| In chemistry, metals that oxidize or corrode easily are referred to as "base metals." These industrial metals include copper (Cu on the periodic table), nickel (Ni), aluminum (Al), zinc (Zn), lead (Pb), tin (Sn) and iron (Fe)/steel (an alloy of iron and carbon). Base metals are generally plentiful, and are used in a variety of commercial and industrial applications, such as copper plumbing, aluminum cans and the steel used in automobile production. Because of their abundance, prices for base metals are far below those of both precious and rare-earth metals, and prices respond to changes in demand for the products for which the metals are used.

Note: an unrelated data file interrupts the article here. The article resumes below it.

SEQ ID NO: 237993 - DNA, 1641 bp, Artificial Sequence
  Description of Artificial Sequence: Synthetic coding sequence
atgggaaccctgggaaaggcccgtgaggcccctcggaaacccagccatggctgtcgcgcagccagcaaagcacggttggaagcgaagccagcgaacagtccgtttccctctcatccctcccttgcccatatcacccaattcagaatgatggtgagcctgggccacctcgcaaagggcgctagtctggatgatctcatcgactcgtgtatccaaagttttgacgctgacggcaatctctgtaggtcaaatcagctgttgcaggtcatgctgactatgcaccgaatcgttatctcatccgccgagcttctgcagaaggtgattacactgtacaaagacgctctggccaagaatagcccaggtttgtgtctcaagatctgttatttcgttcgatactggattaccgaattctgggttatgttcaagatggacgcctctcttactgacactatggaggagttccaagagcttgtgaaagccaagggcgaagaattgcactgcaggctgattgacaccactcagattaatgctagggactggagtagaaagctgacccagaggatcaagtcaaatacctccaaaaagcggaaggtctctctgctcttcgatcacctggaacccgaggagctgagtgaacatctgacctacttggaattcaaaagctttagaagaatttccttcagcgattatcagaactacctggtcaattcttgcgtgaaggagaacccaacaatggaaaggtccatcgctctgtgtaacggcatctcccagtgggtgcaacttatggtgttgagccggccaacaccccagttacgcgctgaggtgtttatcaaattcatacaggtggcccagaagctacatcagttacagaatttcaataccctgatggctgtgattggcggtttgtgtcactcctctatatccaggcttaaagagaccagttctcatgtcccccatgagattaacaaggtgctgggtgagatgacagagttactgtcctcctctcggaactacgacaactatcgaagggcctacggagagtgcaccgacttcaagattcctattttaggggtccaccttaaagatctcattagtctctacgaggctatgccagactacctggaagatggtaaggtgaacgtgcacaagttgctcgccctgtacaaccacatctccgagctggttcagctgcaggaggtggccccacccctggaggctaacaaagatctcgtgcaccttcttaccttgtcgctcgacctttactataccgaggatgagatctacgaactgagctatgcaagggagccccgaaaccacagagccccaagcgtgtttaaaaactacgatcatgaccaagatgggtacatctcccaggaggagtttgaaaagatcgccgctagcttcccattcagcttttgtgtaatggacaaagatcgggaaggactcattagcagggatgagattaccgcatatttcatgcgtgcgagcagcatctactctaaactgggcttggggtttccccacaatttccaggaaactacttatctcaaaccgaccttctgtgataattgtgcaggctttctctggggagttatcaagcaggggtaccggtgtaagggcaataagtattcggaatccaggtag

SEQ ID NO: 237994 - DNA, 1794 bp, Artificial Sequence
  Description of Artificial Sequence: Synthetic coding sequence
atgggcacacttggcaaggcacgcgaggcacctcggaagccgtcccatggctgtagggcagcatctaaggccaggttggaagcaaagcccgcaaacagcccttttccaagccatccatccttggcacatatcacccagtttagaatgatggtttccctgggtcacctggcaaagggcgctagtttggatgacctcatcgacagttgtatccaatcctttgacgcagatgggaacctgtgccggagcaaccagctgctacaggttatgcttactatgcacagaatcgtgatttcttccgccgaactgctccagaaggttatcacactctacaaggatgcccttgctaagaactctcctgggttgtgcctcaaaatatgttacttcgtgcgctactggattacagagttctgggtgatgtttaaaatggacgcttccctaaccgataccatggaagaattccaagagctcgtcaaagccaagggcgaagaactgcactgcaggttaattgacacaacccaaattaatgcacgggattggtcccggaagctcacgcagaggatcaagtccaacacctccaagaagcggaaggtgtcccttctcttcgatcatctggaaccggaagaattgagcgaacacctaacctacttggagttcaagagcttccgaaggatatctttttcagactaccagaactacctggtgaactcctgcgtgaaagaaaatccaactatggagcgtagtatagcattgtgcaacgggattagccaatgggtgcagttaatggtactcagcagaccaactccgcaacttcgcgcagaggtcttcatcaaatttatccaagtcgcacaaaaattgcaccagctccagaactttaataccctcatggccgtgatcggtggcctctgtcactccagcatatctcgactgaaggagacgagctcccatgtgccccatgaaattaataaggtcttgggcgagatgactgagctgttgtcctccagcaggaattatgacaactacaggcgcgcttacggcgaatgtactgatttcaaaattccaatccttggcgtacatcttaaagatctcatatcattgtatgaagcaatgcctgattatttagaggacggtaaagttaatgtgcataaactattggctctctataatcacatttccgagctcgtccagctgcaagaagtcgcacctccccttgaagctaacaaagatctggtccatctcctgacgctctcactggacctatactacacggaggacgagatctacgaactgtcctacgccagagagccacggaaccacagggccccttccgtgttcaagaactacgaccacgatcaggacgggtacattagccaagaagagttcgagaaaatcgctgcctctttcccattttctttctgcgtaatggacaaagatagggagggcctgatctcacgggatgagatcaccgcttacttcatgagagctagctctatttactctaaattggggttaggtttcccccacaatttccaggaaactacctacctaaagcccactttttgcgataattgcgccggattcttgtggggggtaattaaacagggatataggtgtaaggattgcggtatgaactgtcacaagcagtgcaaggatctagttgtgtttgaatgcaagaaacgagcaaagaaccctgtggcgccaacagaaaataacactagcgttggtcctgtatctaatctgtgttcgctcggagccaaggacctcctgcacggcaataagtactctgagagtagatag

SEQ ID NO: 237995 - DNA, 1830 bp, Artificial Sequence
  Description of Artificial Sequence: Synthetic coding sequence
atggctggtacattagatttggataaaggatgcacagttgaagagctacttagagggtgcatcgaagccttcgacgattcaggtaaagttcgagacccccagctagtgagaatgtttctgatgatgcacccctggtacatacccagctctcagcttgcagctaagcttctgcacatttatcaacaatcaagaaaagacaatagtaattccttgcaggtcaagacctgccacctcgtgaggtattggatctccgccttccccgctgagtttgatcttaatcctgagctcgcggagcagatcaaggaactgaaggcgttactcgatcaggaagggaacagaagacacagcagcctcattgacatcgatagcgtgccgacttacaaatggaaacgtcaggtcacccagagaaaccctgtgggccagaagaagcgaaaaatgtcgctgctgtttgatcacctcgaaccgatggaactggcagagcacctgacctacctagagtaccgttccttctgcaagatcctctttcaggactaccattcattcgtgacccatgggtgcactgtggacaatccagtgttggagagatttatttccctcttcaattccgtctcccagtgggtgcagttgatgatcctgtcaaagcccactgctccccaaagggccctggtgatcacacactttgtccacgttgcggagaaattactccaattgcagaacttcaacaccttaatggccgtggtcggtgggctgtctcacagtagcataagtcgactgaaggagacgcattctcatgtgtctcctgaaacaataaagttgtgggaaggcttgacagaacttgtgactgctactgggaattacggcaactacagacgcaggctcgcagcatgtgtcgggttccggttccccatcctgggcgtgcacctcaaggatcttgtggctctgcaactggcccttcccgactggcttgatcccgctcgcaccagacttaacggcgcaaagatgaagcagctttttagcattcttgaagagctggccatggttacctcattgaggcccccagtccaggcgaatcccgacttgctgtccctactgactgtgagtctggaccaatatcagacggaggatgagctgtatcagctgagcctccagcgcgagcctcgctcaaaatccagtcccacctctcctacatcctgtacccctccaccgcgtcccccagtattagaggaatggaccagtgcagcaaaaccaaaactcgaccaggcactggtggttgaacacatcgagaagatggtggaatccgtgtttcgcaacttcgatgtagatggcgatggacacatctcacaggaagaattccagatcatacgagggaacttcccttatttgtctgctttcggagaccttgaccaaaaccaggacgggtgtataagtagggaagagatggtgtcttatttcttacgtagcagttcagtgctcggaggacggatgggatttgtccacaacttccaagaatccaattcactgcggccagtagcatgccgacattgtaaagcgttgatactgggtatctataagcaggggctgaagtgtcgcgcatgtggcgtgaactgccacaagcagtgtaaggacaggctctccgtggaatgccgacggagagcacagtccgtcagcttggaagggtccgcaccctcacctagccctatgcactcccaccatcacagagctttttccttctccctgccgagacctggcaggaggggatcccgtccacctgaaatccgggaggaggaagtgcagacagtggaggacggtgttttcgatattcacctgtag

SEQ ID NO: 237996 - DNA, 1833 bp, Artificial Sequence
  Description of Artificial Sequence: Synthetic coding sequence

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Precious metals are naturally occurring metallic chemical elements that have a high luster and melting point, are softer and more ductile than other metals, and are less reactive than most elements. include silver (Ag), gold (Au), platinum (Pt) and palladium (Pd). Because of their scarcity, precious metals are valuable – much more so than the base metals. Precious metals are used for jewelry, art, coins, dental work, medical devices, electronics and for investment/holding purposes. (Add some sparkle to your portfolio by getting in on this classic commodity; check out Getting Into The Gold Marketsource: http://www.investopedia.com/articles/stocks/11/how-to-invest-in-the-periodic-table.asp